LONDON- China's manufacturing sector contracted this month as coronavirus outbreaks, city-level lockdowns, rising input prices and the severe disruption of global supply chains take their toll on output and new orders.

The official purchasing managers' index for the manufacturing sector slipped to 49.5 in March from 50.2 in February, the National Bureau of Statistics said on Thursday.

The manufacturing index fell into just the 9th percentile for all months since 2011 down from the 36th percentile last month and the 91st percentile a year ago.

The output sub-index, which has been decelerating for over a year, fell to 49.5 this month and is now in only the 2nd percentile for all months since 2011.

Manufacturers are being hit by more challenges soon after recovering from the coal crisis that forced electricity rationing last autumn.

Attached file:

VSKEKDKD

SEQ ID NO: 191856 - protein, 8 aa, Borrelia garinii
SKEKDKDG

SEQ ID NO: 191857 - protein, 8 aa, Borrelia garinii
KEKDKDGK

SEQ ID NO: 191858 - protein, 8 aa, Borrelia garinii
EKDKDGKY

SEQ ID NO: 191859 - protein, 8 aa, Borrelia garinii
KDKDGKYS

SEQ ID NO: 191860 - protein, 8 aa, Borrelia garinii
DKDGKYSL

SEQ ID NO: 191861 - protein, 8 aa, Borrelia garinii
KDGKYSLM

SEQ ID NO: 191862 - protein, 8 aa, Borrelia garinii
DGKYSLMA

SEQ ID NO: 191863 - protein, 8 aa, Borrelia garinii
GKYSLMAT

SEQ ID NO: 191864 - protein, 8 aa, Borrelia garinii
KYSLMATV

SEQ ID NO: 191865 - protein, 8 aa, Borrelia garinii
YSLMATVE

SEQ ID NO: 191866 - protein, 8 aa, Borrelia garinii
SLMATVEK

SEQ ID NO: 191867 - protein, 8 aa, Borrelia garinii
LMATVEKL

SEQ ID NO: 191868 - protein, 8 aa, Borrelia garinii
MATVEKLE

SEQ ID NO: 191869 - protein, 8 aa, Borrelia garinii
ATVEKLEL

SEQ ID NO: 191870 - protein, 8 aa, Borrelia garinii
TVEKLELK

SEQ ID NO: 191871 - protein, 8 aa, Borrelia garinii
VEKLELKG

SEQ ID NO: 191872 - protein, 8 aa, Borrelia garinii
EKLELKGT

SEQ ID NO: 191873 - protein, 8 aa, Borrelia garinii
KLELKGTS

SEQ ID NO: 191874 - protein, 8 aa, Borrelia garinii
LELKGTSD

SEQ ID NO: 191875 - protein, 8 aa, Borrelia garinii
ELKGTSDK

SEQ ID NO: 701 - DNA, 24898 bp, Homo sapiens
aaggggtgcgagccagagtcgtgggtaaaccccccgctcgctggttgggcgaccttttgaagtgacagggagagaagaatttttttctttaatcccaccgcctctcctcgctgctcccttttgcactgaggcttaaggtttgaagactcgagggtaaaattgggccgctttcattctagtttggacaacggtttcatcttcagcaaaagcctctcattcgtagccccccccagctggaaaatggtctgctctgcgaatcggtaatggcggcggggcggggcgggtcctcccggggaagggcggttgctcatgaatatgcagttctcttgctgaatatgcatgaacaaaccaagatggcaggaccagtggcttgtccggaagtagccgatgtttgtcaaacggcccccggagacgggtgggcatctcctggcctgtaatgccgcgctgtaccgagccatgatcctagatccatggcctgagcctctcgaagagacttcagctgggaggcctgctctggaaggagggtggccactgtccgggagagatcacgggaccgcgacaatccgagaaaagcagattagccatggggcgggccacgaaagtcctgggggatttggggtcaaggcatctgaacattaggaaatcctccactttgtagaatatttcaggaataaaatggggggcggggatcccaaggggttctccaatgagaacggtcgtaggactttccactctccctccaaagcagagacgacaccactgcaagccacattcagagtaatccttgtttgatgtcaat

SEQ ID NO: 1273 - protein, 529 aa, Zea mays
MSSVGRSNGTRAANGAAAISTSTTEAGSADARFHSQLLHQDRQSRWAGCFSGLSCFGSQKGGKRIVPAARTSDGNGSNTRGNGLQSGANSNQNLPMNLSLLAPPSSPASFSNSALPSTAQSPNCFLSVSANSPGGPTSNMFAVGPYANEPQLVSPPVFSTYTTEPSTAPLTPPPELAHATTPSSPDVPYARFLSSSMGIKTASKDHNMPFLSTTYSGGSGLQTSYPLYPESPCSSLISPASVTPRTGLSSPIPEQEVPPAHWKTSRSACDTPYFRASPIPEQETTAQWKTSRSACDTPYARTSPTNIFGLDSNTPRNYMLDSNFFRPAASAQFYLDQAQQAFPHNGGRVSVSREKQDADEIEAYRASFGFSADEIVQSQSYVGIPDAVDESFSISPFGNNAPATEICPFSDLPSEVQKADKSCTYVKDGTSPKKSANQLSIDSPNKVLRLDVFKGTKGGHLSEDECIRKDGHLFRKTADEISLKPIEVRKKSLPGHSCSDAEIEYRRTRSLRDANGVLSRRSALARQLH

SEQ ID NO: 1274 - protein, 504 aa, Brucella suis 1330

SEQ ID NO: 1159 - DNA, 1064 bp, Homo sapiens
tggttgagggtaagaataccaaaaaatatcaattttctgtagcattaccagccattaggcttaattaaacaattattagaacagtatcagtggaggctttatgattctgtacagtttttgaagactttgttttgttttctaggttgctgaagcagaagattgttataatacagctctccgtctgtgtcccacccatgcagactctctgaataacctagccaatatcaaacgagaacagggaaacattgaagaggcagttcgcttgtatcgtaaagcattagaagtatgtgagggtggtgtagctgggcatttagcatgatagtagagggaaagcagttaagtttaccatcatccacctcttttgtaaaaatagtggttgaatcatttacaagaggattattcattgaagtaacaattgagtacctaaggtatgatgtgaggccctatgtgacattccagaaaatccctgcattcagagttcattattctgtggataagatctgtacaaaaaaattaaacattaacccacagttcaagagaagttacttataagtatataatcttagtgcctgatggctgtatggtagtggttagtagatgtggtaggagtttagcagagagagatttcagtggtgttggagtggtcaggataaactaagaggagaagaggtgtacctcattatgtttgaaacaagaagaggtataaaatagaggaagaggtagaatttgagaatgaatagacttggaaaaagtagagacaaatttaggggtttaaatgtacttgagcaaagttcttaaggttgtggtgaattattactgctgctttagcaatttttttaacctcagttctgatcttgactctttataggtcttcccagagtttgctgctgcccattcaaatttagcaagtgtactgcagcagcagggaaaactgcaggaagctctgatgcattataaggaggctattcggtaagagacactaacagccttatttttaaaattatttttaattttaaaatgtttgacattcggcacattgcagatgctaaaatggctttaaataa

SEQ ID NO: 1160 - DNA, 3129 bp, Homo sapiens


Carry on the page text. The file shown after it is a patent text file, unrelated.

China is the world's largest or second-largest consumer and importer of most energy products and industrial raw materials, so the slowdown will inevitably spill over into global markets.

The only question now is whether the downturn will be short and shallow or turn into something more prolonged and deeper, which would increase recessionary pressure worldwide.

The answer depends on (a) the sustainability of the country's dynamic-clearing approach to coronavirus containment; (b) the deterioration of the global economy in response to surging energy prices and the conflict in Ukraine; and (c) the effectiveness of the government's measures to rekindle demand.

The slowdown associated with the coal and electricity crisis lasted less than four months, but that was largely a supply crisis caused by a temporary shortage of fuel; this crisis is occurring on both the supply and demand sides of the economy simultaneously and is far more complex.

(Editing by Alexandra Hudson)